Spooky in the City is a new series on Spooky Little Halloween. Each month Miranda will take you to a local haunt in Houston, her hometown, then teach you how to find similar spooky spots in your city, state or country!
Cemeteries and Halloween lovers seem to go hand-in-hand. Most of us can’t help ourselves – when we pass by a historic cemetery, we’re drawn to it. I love them for their quiet calm. And there’s something about wandering by each headstone, reading the epitaph and imagining what that person’s life must have been like.
If you weren’t looking for it, you’d never know it was there.
Olivewood is along I-10, an interstate that runs from Florida to California and right through downtown Houston, and sits right on the banks of White Oak Bayou. It’s hidden by a swath of trees, so you’d never notice it was there from the freeway, and once you’re on city streets, it’s set back behind a medical building – one I pass regularly coming and going from the Spooky Little Apartment to my parents’ house out in the suburbs.
While I absolutely believe cemeteries should be a bit hidden so those laid to rest are at peace, it can also mean these historic sites are forgotten as we build up around them.
And, unfortunately, that’s exactly what happened to Olivewood.
The cemetery is an important piece of Houston history: it was the first known cemetery for blacks and is the burial site of many influential African-Americans from the 19th century, including Reverend Elias Dibble, first minister of Trinity United Methodist Church; Reverend Wade H. Logan, also a minister of the church; James Kyle, a blacksmith; and Richard Brock, the cemetery’s founder and Houston’s first black alderman.
Brock purchased the land in 1875 and in 1877 he opened Olivewood as the first cemetery for black Methodists. Prior to its incorporation, Olivewood’s land had previously been used to bury slaves. (Texas slaves were emancipated just 10 years prior to Brock’s purchase of the land.)
According to the Greater Houston Preservation Alliance, burials continued at Olivewood through the 1960s. But sometime between then and the early 2000s, Olivewood fell into disarray. A victim of repeated hurricane damage, erosion given its proximity to the bayou and simply being forgotten, Olivewood looked more like an overgrown jungle than a cemetery.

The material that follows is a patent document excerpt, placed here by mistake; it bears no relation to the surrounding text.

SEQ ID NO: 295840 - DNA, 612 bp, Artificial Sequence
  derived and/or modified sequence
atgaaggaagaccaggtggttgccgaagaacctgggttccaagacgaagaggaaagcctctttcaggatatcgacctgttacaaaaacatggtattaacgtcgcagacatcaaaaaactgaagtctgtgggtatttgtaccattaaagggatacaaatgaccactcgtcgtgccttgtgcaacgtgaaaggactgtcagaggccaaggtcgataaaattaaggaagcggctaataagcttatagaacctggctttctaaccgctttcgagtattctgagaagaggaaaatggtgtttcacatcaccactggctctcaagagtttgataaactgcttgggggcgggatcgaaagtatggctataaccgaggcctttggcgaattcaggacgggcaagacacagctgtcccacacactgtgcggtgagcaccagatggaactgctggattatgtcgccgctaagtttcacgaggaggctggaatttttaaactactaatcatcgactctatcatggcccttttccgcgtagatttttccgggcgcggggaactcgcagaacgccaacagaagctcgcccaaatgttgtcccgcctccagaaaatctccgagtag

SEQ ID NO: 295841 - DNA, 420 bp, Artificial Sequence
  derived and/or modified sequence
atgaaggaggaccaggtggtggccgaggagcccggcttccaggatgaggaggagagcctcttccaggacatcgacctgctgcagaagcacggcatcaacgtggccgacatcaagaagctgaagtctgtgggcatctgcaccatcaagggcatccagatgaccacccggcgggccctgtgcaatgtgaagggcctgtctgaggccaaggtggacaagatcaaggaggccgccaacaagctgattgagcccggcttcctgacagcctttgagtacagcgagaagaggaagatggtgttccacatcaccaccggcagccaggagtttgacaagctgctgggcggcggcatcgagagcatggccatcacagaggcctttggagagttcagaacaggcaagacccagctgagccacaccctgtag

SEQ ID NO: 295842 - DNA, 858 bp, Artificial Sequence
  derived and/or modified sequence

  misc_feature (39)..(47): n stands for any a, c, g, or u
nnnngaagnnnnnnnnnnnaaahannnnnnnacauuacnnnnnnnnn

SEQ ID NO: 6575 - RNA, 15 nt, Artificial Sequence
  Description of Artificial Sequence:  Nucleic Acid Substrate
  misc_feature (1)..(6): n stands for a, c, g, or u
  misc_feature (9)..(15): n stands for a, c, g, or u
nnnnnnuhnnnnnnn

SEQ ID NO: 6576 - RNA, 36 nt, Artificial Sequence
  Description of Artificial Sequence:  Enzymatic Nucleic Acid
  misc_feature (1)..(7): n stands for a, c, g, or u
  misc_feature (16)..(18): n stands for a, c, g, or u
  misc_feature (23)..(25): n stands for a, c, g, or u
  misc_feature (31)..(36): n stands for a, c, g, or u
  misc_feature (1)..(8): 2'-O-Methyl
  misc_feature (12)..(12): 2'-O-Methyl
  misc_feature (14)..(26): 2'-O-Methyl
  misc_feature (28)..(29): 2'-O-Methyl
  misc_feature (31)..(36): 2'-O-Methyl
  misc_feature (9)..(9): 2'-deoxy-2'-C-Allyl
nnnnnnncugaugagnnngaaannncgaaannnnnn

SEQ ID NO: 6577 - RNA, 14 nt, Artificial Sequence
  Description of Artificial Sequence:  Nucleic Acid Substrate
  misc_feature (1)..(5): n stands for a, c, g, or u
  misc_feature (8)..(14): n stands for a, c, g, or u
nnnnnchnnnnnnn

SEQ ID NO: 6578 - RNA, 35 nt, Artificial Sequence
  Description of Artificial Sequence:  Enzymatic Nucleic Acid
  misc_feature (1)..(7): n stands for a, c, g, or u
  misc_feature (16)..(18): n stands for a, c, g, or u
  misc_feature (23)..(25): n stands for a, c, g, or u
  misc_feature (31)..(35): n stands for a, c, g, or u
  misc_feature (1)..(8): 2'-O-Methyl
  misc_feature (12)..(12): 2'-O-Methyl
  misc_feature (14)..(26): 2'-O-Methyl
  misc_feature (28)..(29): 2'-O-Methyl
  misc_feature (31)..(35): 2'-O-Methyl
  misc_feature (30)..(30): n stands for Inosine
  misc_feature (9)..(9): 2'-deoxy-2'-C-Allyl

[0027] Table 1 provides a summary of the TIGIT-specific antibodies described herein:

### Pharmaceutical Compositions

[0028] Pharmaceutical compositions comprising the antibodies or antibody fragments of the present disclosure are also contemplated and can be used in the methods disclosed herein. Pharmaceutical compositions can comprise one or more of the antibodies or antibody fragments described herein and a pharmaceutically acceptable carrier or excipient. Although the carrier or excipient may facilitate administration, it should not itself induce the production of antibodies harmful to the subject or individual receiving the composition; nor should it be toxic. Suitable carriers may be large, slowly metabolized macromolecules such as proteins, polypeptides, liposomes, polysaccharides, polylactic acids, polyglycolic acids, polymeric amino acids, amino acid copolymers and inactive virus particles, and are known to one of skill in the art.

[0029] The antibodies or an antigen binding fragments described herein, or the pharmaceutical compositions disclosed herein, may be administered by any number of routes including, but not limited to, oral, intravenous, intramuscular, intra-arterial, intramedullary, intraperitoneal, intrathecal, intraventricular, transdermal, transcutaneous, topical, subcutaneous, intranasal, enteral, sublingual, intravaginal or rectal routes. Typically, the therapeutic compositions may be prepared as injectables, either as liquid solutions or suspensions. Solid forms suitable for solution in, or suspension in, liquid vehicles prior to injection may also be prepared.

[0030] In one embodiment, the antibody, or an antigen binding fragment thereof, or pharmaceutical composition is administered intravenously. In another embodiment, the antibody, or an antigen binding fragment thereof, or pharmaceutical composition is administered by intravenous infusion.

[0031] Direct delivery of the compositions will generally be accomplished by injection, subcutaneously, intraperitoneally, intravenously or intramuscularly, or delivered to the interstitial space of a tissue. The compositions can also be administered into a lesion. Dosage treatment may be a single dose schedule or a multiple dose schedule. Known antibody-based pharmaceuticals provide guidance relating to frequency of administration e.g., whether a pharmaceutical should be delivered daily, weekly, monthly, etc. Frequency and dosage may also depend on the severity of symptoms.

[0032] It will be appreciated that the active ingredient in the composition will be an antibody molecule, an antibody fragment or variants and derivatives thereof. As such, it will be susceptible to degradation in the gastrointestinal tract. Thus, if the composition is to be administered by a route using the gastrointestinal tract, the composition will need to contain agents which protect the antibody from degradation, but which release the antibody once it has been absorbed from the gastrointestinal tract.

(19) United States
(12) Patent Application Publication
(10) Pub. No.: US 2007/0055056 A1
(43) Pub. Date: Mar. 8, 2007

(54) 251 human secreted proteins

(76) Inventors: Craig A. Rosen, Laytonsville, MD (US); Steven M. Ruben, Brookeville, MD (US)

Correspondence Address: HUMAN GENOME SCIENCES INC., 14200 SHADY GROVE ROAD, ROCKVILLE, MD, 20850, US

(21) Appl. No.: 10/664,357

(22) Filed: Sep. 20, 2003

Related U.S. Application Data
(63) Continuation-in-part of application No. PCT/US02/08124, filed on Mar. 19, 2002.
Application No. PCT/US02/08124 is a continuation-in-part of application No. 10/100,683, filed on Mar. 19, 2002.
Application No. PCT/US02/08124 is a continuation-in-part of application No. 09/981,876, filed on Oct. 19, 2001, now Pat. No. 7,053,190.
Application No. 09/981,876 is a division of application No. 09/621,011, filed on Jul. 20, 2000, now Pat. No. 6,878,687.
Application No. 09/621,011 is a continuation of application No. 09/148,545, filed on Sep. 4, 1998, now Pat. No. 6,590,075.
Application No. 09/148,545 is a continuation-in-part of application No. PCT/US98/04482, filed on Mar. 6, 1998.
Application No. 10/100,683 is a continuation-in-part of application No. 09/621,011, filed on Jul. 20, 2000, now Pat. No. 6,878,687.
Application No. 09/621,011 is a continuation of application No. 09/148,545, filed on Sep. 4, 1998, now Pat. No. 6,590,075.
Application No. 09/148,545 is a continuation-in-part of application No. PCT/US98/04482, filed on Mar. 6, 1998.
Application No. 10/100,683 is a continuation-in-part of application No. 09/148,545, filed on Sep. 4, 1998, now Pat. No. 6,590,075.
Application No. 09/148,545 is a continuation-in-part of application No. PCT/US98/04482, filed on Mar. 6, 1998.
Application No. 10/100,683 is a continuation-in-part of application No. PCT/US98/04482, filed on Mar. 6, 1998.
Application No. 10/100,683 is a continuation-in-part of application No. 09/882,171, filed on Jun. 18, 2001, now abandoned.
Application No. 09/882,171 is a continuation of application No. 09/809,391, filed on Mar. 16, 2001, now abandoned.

In 2004, however, that all changed when Charles Cook and Margott Williams founded the Descendants of Olivewood, a nonprofit organization that began the long journey towards revitalizing the nearly forgotten cemetery.
Over the past 14 years, Olivewood has changed significantly. Its overgrowth has been tamed. Many of its headstones have been restored. There are even plans to build a cultural center.
But Olivewood still needs a lot of TLC. In a February 2018 interview with Houston Public Media, Charles and Margott both said the future of the cemetery depends on raising awareness and slowing erosion on its northern edge next to White Oak Bayou.
The day that I visited, I had the pleasure of meeting Margott who popped up to greet myself and Laura (@thehalloweencollector on Instagram) the moment we entered. She gave us a quick history of the cemetery, shared how their nonprofit is working to keep up the cemetery and even gave us a sneak peek of future plans, including Halloween cemetery tours.
In that same interview with Houston Public Media, Kacey French, an Olivewood volunteer, describes the moment she caught “Olivewood-itis”. The cemetery’s volunteers call their obsession with the cemetery this. They experience a moment when they visit, and it makes them want to come back again and again.
It’s a moment I experienced myself. As you walk the Olivewood grounds, you are amazed at the history and beauty of the property. Laura and I both commented how we wanted to repair so many of the fallen headstones.
I left Olivewood already wanting to return and learn how I could contribute to its legacy. I’ve already asked how I can volunteer. Olivewood is such an important piece of Houston’s history that must be preserved.
This headstone easily contains the most interest epitaph in Olivewood, noting that Reverand L.E. Jackson was murdered. Eek!
If the story of Olivewood has moved you, I encourage you to visit this page and donate to their cause. Even if it’s just giving up your morning latte or a lunch out, every bit helps!
How to find historic cemeteries near you:
Every city has historic cemeteries, and they may need your time and donations just like Olivewood. I encourage you to seek them out! Here are a few key phrases you can search with your city, state or country’s name to find cemeteries near you:
- historic cemetery/cemeteries + CITY/STATE/COUNTRY
- cemeteries in + CITY/STATE/COUNTRY
- CITY/STATE/COUNTRY + cemeteries
- cemetery volunteers + CITY/STATE/COUNTRY
- volunteer opportunities with cemeteries + CITY/STATE/COUNTRY
What historic cemeteries are near you?
Is your city, state or country home to a historic cemetery? I’d love to hear more about the ones near you. As always, share your story in the comments.
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